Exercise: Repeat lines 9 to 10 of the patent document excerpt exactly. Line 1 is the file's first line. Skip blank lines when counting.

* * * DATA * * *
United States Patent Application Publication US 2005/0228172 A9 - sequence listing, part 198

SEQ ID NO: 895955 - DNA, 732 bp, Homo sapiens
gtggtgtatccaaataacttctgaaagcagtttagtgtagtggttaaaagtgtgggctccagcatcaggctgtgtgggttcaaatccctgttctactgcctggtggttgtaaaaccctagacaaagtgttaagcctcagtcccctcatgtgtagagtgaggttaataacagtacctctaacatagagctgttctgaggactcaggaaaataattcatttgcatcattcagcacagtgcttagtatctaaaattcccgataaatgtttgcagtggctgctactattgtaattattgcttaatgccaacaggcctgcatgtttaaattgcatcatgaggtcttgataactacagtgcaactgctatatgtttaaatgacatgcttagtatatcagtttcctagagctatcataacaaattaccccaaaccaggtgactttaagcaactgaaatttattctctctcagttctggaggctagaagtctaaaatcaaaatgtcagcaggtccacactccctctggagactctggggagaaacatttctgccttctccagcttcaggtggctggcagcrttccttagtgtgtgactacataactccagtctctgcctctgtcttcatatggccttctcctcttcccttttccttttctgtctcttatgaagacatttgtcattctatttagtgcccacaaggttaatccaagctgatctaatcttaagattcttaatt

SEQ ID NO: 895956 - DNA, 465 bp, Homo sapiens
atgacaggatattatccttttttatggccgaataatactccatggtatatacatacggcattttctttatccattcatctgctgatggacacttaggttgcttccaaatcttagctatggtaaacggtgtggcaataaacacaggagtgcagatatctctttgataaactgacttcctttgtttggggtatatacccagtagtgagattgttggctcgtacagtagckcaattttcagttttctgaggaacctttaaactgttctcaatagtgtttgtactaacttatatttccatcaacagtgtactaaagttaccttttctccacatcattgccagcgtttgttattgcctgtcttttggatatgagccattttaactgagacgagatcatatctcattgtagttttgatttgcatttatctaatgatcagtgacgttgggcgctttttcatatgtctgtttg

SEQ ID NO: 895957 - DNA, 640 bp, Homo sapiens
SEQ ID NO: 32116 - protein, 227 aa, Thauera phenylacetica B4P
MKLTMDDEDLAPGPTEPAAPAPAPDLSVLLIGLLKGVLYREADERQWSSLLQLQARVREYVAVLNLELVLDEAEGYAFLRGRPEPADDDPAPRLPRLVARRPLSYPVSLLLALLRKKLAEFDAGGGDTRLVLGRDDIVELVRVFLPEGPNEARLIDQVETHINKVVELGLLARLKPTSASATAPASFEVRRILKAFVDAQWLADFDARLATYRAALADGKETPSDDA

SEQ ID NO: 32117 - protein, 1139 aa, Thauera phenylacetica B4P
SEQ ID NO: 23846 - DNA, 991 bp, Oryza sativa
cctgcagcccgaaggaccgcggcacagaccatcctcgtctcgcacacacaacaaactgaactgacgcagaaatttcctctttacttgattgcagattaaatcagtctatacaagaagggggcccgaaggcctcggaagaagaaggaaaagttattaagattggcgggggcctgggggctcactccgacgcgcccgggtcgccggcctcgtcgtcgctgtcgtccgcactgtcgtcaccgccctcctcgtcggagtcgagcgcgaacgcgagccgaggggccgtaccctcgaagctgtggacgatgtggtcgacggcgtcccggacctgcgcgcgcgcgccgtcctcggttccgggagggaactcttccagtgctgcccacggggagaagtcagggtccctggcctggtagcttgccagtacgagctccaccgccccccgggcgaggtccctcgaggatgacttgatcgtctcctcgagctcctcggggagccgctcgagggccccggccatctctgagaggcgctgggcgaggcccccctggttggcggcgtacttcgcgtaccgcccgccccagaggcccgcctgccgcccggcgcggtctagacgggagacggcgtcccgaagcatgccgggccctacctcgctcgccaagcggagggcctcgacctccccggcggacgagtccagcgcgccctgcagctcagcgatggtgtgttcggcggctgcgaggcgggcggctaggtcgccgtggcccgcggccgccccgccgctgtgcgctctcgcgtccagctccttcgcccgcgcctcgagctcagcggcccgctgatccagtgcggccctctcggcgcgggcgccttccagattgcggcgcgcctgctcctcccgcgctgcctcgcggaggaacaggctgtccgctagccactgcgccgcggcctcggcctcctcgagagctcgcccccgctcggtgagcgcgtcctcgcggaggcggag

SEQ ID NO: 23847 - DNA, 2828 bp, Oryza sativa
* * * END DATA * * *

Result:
SEQ ID NO: 32117 - protein, 1139 aa, Thauera phenylacetica B4P
SEQ ID NO: 23846 - DNA, 991 bp, Oryza sativa